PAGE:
The European Central Bank should not wait too long before paring back stimulus once it is convinced that inflation has recovered, and it could in theory increase rates early if necessary, ECB board member Benoit Coeure told Reuters.
With euro zone inflation now just under 2 percent and growth on its best run for years, the ECB is coming under pressure from Germany, the bloc's biggest economy, to start winding down its 2.3 trillion-euro ($2.6 trillion) bond-buying program and start increasing its main policy rate, currently below zero.
In an exclusive interview, Coeure, a long-standing supporter of ECB President Mario Draghi's policy, said the bank should be ready to change its stance once economic conditions allow, or it risks a bigger financial blow-back when it eventually does so.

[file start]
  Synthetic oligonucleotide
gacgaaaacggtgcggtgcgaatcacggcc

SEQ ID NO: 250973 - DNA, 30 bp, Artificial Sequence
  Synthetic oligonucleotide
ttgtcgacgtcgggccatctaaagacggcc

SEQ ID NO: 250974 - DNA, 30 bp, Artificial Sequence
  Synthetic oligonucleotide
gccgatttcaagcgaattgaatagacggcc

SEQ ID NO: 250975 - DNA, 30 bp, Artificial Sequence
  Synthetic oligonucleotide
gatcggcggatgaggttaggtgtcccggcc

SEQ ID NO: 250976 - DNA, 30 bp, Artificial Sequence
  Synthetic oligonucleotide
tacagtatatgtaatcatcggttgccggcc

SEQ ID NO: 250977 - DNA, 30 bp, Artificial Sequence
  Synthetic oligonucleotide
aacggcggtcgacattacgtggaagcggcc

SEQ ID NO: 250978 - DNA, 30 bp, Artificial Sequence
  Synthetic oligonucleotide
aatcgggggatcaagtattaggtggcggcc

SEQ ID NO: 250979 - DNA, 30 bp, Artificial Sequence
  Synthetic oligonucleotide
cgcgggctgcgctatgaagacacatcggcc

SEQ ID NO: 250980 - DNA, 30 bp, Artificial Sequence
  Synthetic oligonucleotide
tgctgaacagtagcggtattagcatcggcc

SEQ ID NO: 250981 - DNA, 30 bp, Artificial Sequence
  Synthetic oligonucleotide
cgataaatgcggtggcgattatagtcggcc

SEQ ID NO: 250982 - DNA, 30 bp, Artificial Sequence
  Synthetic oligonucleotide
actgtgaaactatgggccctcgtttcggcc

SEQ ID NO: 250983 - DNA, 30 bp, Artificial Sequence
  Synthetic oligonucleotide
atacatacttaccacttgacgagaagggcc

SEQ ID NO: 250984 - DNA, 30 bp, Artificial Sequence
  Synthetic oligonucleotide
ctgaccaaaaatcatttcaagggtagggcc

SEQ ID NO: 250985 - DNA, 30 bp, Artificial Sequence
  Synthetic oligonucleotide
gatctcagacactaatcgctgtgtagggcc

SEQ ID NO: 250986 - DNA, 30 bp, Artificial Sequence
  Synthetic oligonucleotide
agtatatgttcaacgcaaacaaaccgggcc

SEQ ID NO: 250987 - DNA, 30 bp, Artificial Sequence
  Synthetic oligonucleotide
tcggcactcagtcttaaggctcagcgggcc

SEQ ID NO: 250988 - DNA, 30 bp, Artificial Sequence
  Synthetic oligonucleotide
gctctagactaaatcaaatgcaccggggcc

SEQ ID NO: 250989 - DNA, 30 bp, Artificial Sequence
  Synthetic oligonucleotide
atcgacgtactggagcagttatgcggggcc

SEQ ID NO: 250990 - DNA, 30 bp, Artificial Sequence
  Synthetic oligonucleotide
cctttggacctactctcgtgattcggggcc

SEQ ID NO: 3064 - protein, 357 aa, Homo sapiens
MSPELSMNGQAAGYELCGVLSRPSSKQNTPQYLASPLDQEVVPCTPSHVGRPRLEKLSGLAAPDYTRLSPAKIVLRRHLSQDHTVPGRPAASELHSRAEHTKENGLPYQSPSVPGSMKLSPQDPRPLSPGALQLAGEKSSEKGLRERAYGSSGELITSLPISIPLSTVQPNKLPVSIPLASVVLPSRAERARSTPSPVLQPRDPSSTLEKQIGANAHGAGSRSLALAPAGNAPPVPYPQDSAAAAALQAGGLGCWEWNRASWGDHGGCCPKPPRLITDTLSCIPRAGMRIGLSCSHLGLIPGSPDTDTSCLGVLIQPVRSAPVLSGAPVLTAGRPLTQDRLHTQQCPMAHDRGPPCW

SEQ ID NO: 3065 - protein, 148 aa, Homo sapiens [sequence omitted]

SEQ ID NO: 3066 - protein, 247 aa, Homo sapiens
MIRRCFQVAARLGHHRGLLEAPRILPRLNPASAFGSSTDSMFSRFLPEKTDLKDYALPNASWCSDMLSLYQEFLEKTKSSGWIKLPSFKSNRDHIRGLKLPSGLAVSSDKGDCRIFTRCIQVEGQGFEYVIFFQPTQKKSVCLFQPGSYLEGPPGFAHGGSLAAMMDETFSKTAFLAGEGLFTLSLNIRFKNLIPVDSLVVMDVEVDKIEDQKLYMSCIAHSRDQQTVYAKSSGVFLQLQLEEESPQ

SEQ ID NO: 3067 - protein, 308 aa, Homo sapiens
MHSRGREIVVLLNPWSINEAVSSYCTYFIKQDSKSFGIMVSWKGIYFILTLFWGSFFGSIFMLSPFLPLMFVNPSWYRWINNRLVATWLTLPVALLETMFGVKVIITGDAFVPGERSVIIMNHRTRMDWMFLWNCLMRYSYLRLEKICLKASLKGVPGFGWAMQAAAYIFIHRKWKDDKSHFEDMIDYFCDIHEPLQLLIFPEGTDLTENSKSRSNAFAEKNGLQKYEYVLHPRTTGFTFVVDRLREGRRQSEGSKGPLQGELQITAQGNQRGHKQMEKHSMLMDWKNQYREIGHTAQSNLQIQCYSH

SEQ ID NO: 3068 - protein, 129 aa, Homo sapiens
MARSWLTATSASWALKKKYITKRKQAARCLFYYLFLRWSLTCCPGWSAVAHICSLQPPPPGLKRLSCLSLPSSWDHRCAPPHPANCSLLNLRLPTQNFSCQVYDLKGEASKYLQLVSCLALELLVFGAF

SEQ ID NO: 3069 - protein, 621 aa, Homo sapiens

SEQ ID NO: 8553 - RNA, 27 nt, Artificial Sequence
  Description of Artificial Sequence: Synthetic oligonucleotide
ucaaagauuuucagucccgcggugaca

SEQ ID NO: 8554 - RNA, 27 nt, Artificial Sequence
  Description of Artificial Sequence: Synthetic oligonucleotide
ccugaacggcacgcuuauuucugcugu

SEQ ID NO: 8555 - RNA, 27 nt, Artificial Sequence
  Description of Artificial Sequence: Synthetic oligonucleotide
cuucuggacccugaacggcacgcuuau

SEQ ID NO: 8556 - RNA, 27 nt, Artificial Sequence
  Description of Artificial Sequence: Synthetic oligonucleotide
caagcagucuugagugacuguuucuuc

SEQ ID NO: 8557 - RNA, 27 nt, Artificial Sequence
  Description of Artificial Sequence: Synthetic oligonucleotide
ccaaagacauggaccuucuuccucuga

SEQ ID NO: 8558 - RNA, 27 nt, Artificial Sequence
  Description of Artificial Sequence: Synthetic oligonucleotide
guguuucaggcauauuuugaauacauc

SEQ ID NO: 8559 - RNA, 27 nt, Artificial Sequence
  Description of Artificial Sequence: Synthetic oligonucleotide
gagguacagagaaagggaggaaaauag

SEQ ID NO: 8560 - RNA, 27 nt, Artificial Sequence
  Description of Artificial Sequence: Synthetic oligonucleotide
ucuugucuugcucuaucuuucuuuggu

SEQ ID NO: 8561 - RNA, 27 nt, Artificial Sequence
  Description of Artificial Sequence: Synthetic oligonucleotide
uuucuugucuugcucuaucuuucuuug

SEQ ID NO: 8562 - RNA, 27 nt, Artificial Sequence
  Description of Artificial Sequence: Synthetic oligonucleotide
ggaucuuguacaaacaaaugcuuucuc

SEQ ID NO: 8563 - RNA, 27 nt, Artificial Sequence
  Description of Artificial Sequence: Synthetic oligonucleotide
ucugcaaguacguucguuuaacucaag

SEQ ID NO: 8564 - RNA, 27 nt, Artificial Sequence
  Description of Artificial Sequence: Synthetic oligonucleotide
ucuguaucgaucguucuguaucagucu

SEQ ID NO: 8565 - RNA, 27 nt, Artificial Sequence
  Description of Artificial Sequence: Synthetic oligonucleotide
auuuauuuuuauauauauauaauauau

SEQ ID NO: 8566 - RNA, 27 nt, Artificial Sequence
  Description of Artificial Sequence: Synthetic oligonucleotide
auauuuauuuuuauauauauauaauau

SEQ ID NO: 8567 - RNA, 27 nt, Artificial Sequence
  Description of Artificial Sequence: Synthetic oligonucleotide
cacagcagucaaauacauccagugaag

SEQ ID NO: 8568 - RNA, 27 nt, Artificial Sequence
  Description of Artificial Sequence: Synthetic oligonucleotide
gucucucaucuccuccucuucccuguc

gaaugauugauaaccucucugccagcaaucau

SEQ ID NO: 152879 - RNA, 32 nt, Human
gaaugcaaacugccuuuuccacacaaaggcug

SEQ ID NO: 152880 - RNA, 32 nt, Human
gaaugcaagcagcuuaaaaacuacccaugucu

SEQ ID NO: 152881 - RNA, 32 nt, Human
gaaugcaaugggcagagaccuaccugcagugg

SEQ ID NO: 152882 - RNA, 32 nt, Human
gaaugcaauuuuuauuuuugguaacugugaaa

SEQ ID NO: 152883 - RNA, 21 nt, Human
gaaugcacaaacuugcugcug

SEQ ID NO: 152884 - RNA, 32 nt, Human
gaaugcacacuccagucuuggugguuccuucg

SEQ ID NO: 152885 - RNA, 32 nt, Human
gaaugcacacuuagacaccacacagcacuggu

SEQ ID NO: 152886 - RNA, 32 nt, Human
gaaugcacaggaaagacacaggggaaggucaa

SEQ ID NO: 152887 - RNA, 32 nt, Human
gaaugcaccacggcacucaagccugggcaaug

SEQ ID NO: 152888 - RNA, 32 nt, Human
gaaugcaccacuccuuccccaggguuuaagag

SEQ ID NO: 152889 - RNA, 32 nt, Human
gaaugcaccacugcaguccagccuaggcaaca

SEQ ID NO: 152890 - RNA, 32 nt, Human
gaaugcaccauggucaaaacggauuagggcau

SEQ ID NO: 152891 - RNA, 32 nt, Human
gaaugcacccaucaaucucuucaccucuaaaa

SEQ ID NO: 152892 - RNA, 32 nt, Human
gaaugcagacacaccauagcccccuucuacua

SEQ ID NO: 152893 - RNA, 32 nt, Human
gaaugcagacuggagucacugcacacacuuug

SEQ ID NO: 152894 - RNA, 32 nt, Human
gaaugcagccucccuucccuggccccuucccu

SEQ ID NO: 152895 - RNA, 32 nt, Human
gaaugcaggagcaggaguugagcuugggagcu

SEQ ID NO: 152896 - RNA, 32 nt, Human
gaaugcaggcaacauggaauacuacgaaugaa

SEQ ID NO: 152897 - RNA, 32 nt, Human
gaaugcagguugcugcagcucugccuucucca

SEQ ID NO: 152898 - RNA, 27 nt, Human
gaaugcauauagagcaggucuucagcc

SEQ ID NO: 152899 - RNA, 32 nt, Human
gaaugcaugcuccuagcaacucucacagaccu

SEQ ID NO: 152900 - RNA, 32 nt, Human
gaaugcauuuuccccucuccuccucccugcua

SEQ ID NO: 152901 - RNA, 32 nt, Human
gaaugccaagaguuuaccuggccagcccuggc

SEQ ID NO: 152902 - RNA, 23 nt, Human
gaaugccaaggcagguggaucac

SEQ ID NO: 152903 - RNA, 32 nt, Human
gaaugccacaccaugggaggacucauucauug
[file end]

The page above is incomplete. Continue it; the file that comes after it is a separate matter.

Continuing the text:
"Too much gradualism in monetary policy bears the risk of larger market adjustments when the decision is eventually taken," Coeure said.
He added that the ECB should not put too much weight on political events like elections when deciding policy, a likely reference to elections in Germany in September and in Italy by May 2018.
While Coeure defended the bank's ultra-easy stance and policy guidance, he opened the door, at least in theory, to an increase in the bank's deposit rate even before bond purchases end, contrary to the bank's stated policy path.